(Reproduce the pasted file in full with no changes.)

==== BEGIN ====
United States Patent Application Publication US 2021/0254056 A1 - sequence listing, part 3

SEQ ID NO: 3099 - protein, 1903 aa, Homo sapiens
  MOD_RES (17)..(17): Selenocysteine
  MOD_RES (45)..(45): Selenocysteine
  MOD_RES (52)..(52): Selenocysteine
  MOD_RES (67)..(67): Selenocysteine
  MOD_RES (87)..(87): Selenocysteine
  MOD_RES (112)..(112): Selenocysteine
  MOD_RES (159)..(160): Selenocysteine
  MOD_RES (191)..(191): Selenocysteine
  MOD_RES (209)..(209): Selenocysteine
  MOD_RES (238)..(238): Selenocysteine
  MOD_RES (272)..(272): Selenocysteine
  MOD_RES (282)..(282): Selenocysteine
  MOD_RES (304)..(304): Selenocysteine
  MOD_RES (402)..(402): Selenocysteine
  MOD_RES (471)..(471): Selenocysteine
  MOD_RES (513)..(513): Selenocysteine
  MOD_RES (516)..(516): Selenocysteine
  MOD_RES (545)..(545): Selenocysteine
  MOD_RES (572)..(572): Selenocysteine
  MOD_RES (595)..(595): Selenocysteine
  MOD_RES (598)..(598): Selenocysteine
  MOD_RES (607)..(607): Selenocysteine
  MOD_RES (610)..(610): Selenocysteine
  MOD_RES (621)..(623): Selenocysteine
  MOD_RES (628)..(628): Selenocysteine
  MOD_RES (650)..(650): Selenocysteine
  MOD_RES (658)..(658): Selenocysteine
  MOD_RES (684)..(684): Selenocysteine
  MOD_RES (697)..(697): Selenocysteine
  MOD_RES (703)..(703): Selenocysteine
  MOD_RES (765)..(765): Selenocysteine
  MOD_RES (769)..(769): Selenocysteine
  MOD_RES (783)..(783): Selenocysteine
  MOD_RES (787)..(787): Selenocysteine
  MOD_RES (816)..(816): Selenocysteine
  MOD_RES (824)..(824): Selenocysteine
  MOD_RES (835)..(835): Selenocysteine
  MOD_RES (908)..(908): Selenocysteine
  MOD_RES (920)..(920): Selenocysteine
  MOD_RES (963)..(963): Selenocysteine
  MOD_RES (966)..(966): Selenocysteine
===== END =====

United States Patent Application Publication US 2021/0254056 A1 - sequence listing, part 3

SEQ ID NO: 3099 - protein, 1903 aa, Homo sapiens
  MOD_RES (17)..(17): Selenocysteine
  MOD_RES (45)..(45): Selenocysteine
  MOD_RES (52)..(52): Selenocysteine
  MOD_RES (67)..(67): Selenocysteine
  MOD_RES (87)..(87): Selenocysteine
  MOD_RES (112)..(112): Selenocysteine
  MOD_RES (159)..(160): Selenocysteine
  MOD_RES (191)..(191): Selenocysteine
  MOD_RES (209)..(209): Selenocysteine
  MOD_RES (238)..(238): Selenocysteine
  MOD_RES (272)..(272): Selenocysteine
  MOD_RES (282)..(282): Selenocysteine
  MOD_RES (304)..(304): Selenocysteine
  MOD_RES (402)..(402): Selenocysteine
  MOD_RES (471)..(471): Selenocysteine
  MOD_RES (513)..(513): Selenocysteine
  MOD_RES (516)..(516): Selenocysteine
  MOD_RES (545)..(545): Selenocysteine
  MOD_RES (572)..(572): Selenocysteine
  MOD_RES (595)..(595): Selenocysteine
  MOD_RES (598)..(598): Selenocysteine
  MOD_RES (607)..(607): Selenocysteine
  MOD_RES (610)..(610): Selenocysteine
  MOD_RES (621)..(623): Selenocysteine
  MOD_RES (628)..(628): Selenocysteine
  MOD_RES (650)..(650): Selenocysteine
  MOD_RES (658)..(658): Selenocysteine
  MOD_RES (684)..(684): Selenocysteine
  MOD_RES (697)..(697): Selenocysteine
  MOD_RES (703)..(703): Selenocysteine
  MOD_RES (765)..(765): Selenocysteine
  MOD_RES (769)..(769): Selenocysteine
  MOD_RES (783)..(783): Selenocysteine
  MOD_RES (787)..(787): Selenocysteine
  MOD_RES (816)..(816): Selenocysteine
  MOD_RES (824)..(824): Selenocysteine
  MOD_RES (835)..(835): Selenocysteine
  MOD_RES (908)..(908): Selenocysteine
  MOD_RES (920)..(920): Selenocysteine
  MOD_RES (963)..(963): Selenocysteine
  MOD_RES (966)..(966): Selenocysteine